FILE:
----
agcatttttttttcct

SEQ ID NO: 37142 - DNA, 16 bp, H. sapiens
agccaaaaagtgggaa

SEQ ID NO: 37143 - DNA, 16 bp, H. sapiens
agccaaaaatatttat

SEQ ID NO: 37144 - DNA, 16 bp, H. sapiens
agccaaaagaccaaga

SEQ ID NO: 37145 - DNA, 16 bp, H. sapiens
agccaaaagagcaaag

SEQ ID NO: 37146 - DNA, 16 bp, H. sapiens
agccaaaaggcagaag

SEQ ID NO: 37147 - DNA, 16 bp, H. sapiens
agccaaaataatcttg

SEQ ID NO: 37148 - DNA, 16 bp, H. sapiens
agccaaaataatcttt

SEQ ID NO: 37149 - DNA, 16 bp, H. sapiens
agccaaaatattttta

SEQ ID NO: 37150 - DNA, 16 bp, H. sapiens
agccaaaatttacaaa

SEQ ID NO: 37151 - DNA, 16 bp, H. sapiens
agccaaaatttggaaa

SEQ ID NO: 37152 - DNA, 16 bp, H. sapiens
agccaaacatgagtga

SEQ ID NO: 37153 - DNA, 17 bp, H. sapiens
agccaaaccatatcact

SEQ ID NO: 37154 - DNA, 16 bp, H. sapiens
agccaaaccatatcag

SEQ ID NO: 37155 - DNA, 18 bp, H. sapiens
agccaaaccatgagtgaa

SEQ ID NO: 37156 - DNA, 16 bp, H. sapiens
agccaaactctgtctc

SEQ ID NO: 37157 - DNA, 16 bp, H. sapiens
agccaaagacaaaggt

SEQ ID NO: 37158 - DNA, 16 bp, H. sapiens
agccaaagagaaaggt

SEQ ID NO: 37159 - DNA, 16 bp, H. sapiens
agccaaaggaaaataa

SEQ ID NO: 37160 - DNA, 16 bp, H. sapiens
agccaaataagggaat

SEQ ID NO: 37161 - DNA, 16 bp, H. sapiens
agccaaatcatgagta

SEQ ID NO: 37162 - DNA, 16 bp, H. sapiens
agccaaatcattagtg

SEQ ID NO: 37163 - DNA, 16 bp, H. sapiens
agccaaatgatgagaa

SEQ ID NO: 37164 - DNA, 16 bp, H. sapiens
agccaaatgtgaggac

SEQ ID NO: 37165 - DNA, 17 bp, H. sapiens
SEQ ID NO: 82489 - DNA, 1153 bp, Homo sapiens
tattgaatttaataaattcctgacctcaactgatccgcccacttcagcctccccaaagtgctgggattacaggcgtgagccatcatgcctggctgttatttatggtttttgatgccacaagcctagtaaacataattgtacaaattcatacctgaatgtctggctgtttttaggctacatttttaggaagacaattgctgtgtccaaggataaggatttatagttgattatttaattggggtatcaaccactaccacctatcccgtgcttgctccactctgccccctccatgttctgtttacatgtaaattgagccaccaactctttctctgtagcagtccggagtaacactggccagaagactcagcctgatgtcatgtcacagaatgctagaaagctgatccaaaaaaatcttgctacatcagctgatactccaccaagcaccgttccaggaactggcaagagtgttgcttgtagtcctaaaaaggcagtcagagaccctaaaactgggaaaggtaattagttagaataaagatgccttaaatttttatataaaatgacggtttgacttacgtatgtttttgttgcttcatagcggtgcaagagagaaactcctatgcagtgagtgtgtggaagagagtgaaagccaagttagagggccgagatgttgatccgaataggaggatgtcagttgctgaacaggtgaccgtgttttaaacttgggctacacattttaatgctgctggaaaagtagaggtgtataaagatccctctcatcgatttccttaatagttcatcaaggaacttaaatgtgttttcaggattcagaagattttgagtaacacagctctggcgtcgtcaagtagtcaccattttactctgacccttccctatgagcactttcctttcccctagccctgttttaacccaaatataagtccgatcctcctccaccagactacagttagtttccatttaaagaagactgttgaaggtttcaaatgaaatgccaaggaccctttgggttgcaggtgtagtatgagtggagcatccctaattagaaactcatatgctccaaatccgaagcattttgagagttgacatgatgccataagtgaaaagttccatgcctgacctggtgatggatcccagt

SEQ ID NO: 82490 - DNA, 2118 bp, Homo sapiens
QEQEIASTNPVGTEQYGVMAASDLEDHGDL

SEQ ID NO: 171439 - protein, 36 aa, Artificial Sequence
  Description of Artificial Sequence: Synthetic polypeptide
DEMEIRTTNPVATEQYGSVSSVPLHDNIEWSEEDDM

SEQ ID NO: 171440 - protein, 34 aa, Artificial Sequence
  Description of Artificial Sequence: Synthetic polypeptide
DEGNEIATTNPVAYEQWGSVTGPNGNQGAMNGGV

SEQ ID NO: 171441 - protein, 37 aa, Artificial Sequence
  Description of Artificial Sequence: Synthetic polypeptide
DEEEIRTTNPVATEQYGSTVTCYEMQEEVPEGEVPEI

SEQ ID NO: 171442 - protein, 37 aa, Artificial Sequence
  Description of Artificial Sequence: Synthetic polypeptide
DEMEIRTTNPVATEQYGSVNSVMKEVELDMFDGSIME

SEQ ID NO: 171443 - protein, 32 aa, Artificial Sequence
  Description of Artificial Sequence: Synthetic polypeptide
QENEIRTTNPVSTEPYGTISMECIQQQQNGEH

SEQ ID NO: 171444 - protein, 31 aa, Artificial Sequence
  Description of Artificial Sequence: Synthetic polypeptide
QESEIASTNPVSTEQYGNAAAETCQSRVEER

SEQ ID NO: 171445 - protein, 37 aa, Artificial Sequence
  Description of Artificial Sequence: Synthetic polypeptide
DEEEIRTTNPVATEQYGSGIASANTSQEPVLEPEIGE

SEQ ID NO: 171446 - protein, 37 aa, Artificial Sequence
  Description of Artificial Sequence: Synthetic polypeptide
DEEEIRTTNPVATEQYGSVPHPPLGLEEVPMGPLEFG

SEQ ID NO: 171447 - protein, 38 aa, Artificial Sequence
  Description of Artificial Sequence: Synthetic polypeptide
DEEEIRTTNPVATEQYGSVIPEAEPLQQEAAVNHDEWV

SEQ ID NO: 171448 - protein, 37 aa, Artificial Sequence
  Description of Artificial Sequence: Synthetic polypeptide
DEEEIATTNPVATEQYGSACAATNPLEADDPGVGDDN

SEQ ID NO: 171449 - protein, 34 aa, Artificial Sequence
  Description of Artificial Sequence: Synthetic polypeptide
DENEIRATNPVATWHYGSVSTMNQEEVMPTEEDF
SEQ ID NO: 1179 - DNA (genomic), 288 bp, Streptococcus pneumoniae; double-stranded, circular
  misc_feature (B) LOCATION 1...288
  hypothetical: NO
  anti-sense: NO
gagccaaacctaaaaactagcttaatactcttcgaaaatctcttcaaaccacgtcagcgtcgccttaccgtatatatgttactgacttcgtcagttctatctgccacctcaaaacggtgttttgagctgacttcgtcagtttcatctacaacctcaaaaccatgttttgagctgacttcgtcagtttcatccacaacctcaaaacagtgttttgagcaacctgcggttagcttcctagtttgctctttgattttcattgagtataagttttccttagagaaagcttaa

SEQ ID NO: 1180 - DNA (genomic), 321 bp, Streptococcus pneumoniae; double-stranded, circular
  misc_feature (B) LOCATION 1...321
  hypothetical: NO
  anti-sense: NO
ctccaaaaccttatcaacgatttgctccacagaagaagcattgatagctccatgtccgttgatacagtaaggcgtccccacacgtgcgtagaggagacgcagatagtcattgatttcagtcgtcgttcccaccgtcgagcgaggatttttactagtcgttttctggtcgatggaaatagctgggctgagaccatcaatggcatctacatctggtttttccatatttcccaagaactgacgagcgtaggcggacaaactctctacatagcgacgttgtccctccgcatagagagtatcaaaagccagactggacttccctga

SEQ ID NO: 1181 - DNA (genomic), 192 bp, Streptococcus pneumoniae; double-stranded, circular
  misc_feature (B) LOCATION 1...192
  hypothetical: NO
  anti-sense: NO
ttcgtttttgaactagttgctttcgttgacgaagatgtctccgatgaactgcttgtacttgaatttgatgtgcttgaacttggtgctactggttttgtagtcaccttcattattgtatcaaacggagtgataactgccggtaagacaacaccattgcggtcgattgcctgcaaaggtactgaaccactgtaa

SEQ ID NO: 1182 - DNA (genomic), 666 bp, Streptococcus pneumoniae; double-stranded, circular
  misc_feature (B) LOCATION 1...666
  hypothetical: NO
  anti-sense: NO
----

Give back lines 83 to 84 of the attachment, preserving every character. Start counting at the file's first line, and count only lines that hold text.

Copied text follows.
SEQ ID NO: 171449 - protein, 34 aa, Artificial Sequence
  Description of Artificial Sequence: Synthetic polypeptide